• Inspect the esophagus to rule out other pathology that may be causing symptoms such as tumors or strictures
      • Dilating the esophageal opening with the scope facilitates subsequent passage of the diverticuloscope


    Figure 17: Weerda bivalve diverticuloscope


    Figure 18: Benjamin diverticuloscope

    • Insert a Weerda or Benjamin diverticuloscope (Figures 17, 10)
      • Extend the neck posteriorly as far as the cervical spine allows
      • Lubricate the scope
      • Advance the scope with blades slightly apart until the esophageal opening appears
      • It is not always possible to insert the scope due to anatomical limitations
      • Pass the anterior blade of the scope into the esophagus and keep the posterior blade against the posterior wall of the hypopharynx
      • Identify the transverse bar denoting the upper edge of cricopharyngeus
      • Distract the blades further to better visualize the cricopharyngeus bar
      • Suspend the scope with a scope holder
    • Visualize the cricopharyngeus bar using an operating microscope with an integrated CO2 laser microsled
    • Set the CO2 laser at 5-10W, CW mode and with a slightly defocused spot size to improve hemostasis


    Figure 19: Transmucosal laser cricopharyngeal myotomy: incising mucosa and muscle


    Figure 20: Transmucosal laser cricopharyngeal myotomy: completed myotomy

    • Use CO2 laser to transect the mucosa overlying the muscle in the midline (Figure 19)
    • Meticulously completely transect the cricopharyngeus muscle without disrupting the posterior layer of perioesophageal fascia (Figure 20)
    • Instruct the anesthetist to avoid ventilating the patient with a face mask when reversing the anesthesia, as it may cause air to track through the defect into the tissues of the neck, causing surgical emphysema and potentially increasing the risk of a postoperative leak and sepsis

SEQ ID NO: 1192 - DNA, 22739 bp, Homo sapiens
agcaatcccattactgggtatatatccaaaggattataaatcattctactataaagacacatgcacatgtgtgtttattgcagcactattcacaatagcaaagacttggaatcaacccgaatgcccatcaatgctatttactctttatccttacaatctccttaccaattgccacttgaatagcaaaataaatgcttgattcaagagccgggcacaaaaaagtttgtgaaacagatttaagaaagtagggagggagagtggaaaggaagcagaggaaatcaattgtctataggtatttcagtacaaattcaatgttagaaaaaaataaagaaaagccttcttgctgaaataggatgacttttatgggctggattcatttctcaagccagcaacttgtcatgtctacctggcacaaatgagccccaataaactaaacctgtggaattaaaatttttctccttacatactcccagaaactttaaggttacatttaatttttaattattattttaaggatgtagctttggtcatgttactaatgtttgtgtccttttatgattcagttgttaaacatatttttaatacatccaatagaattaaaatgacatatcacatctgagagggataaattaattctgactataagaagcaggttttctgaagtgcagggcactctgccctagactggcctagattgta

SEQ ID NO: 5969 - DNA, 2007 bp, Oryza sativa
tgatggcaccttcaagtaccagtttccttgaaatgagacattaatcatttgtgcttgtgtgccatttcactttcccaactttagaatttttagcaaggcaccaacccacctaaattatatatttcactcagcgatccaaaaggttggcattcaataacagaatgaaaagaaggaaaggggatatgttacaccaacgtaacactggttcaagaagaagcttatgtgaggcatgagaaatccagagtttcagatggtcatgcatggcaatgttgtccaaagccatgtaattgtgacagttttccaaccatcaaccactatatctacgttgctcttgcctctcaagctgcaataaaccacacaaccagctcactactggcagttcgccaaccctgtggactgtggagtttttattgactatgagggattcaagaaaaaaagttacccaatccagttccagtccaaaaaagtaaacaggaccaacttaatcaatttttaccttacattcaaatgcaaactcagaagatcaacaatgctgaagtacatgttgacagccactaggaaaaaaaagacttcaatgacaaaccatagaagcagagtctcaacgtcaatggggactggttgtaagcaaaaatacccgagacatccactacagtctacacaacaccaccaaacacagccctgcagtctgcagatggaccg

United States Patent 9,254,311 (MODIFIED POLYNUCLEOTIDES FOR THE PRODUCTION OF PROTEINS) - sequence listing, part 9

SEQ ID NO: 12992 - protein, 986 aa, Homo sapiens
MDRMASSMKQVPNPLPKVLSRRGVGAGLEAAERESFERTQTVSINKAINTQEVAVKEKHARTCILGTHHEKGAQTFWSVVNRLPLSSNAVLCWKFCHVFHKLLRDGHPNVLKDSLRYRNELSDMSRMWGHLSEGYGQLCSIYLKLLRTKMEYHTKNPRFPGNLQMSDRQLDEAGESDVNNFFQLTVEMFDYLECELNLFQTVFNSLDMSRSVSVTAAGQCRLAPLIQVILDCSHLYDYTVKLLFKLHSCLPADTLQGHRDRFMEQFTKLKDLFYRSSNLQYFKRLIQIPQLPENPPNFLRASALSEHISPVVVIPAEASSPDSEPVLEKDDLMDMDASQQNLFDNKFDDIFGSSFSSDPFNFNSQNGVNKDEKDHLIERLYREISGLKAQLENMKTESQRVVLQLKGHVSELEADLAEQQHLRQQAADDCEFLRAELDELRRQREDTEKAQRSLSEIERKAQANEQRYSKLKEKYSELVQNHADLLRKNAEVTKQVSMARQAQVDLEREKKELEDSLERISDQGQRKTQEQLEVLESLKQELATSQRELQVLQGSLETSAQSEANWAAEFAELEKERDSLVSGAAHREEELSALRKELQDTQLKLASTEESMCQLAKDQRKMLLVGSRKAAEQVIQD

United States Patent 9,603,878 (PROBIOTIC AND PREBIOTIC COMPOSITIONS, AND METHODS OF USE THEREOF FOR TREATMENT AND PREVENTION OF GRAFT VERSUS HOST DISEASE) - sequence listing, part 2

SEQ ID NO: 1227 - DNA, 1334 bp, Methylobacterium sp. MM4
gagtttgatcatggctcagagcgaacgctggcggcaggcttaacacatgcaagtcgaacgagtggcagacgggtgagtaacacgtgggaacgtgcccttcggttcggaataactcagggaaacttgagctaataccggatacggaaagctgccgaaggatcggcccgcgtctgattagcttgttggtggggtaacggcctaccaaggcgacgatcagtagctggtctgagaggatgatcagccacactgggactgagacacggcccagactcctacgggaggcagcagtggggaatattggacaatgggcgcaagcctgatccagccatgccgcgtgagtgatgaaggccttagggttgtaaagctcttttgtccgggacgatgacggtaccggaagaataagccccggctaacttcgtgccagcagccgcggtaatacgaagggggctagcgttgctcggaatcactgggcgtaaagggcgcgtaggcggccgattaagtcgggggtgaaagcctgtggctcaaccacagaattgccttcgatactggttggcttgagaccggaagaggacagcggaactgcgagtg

• Observe the patient overnight
    • Following CO2 laser, a small number of patients develop some subcutaneous emphysema; this almost never results in mediastinitis
    • Monitor for signs and symptoms that signal mediastinitis e.g. radiating back or chest pain, fever, and tachycardia despite adequate pain control, as early intervention for this rare but potentially fatal complication is mandatory
    • Commence a clear liquid diet the morning following surgery
    • Discharge the patient if he/she tolerates a clear liquid diet without concerning signs or symptoms
    • The patient should remain on liquids and soft foods for at least a week


    1. Chang CWD, Liou SS, Netterville JL. Anatomic Study of Laser-Assisted Endoscopic Cricopharyngeus Myotomy. Ann Otol Rhinol Laryngol 2005; 114(12):897-901

    Suggested chapters in Open Access Atlas

    Author & Editor

    Johan Fagan MBChB, FCS (ORL), MMed
    Professor and Chairman
    Division of Otolaryngology
    University of Cape Town
    Cape Town, South Africa